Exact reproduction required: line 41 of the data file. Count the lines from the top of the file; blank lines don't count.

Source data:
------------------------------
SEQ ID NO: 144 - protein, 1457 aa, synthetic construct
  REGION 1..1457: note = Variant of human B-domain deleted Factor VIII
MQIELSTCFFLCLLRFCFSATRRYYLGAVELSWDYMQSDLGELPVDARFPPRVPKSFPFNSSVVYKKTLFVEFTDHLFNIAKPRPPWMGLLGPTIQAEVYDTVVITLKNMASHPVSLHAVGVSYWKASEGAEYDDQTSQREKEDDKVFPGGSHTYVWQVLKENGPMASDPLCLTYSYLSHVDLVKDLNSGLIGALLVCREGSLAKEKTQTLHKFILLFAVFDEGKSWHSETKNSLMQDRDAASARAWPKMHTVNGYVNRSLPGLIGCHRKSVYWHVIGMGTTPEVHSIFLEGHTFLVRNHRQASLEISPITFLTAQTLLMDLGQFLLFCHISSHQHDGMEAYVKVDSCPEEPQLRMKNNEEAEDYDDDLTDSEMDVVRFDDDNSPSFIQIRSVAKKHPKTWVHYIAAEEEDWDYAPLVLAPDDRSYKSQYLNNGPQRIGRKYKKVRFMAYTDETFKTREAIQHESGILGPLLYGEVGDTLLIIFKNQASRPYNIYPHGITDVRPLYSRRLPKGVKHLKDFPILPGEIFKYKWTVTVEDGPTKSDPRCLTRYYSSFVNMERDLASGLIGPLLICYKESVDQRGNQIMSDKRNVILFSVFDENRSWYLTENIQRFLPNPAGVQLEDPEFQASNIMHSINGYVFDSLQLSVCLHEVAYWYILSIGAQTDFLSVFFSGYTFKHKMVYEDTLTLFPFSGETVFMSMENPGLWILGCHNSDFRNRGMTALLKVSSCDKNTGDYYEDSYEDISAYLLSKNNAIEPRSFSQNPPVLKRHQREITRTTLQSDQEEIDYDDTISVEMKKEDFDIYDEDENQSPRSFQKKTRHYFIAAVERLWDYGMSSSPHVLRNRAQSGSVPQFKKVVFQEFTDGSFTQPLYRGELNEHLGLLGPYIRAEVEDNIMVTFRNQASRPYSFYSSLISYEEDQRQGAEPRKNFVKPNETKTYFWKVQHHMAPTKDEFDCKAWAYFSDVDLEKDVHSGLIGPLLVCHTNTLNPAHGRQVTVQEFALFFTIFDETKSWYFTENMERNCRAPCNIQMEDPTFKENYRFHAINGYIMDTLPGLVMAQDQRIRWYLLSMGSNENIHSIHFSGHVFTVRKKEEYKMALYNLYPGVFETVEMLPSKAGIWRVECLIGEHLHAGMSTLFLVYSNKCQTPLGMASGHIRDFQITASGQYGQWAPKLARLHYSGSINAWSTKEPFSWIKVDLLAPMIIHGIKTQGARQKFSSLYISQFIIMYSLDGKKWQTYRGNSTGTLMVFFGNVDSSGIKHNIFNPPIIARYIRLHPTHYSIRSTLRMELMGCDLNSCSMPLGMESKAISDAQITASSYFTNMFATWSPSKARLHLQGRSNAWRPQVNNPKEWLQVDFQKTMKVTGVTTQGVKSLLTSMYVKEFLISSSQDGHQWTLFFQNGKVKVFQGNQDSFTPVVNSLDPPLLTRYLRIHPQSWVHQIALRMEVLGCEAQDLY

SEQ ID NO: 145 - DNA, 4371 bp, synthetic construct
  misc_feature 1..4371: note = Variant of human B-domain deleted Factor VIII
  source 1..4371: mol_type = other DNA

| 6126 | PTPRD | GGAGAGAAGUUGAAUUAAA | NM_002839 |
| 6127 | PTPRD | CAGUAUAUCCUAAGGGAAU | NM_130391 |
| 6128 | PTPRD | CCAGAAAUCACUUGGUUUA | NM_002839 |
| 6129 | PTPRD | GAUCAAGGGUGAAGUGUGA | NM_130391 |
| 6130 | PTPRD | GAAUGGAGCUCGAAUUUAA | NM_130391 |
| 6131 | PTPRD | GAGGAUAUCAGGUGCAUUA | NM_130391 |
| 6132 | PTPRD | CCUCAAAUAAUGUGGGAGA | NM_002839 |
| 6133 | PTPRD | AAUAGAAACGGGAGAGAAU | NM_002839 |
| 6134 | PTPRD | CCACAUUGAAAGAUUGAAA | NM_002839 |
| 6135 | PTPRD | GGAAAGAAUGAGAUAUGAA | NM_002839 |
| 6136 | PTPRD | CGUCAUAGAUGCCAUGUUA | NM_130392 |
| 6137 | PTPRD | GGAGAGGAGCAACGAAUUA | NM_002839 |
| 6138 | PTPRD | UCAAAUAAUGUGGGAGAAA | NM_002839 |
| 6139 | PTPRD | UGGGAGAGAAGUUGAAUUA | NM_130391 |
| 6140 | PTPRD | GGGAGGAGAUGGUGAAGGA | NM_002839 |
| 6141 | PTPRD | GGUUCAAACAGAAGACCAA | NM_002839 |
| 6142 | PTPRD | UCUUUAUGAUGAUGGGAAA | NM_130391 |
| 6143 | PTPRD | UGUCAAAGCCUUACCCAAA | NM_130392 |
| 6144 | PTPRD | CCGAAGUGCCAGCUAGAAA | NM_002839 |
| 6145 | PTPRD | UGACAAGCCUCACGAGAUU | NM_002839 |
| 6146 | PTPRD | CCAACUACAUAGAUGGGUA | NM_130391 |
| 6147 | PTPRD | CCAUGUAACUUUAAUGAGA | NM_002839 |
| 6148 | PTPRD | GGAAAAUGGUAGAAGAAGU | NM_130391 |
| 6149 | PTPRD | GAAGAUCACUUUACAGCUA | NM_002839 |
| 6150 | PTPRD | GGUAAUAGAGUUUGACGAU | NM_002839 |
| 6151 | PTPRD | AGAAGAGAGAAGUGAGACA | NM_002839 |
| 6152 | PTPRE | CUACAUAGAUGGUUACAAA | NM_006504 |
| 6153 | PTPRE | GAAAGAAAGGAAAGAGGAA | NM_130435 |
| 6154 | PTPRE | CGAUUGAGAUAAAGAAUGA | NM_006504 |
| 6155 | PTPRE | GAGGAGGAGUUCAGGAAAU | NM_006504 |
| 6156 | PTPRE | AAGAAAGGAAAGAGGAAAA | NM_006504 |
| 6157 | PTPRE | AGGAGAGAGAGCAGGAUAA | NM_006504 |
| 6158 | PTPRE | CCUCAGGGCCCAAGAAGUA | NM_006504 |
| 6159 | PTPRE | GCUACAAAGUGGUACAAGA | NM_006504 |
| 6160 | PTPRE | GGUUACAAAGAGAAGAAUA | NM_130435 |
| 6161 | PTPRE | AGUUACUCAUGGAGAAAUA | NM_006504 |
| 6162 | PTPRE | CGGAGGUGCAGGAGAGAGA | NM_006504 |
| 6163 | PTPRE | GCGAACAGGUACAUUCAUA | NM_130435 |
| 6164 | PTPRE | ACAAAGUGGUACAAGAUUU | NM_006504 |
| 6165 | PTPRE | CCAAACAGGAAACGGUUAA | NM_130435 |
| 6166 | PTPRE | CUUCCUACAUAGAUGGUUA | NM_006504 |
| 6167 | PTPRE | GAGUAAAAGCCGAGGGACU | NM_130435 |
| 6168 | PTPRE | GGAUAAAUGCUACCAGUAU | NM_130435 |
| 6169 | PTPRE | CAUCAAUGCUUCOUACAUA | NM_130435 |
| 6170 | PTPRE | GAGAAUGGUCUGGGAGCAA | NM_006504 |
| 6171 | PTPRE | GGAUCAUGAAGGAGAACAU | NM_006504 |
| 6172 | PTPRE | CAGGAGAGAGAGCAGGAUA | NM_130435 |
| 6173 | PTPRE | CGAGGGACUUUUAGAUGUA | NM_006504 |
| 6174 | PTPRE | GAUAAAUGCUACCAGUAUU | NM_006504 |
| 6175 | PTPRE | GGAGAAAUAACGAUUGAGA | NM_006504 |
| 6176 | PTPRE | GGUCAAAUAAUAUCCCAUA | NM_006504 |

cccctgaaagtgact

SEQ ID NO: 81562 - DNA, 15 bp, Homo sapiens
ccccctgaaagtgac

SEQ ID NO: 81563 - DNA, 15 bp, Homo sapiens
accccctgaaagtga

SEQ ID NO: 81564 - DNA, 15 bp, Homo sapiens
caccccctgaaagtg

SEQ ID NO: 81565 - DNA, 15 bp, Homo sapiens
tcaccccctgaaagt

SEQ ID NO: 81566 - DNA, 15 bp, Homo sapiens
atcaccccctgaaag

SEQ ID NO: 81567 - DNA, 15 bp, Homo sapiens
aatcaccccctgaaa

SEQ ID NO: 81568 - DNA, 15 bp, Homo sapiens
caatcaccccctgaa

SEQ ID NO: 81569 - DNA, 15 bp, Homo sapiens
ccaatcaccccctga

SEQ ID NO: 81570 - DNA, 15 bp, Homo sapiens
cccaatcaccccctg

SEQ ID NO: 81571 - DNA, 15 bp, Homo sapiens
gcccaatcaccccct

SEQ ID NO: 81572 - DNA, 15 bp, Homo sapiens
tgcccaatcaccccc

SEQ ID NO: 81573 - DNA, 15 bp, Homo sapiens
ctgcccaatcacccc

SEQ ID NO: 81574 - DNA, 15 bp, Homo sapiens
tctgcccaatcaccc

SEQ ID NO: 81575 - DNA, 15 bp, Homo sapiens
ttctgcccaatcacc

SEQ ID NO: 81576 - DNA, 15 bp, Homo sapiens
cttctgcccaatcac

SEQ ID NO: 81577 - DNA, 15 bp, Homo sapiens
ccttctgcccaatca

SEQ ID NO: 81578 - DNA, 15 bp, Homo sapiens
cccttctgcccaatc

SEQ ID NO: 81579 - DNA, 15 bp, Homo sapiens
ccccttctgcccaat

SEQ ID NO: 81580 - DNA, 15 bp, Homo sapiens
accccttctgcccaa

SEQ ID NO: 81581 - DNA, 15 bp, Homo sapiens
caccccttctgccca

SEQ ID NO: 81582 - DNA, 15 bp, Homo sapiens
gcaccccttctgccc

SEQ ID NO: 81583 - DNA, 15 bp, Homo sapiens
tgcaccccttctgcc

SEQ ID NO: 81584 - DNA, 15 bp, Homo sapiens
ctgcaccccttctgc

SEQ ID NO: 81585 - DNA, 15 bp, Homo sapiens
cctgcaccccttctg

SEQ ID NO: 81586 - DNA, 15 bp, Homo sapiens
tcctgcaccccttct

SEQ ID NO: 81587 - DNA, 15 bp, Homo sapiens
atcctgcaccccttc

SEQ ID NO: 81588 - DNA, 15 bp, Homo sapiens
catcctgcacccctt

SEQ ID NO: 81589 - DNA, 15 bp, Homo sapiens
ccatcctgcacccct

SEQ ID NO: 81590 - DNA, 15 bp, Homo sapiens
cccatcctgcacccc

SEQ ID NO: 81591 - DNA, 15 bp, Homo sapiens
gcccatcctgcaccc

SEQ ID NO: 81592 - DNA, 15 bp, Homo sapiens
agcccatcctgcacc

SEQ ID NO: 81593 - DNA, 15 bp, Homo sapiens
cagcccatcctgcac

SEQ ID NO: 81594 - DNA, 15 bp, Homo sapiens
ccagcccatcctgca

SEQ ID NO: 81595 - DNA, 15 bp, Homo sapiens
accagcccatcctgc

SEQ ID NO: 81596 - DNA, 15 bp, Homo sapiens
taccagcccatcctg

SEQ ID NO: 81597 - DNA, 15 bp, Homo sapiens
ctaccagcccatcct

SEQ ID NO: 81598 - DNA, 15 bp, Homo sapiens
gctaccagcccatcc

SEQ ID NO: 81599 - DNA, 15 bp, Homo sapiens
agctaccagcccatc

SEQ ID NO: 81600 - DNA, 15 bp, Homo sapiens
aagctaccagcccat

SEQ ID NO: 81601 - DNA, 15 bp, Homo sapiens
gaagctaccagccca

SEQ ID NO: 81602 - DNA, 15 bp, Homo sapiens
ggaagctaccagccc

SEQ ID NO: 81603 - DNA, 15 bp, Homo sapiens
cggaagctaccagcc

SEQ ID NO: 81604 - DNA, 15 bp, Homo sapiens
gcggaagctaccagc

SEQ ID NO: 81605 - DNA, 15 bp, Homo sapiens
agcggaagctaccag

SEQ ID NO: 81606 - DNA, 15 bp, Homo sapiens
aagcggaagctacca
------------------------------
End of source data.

| 6160 | PTPRE | GGUUACAAAGAGAAGAAUA | NM_130435 |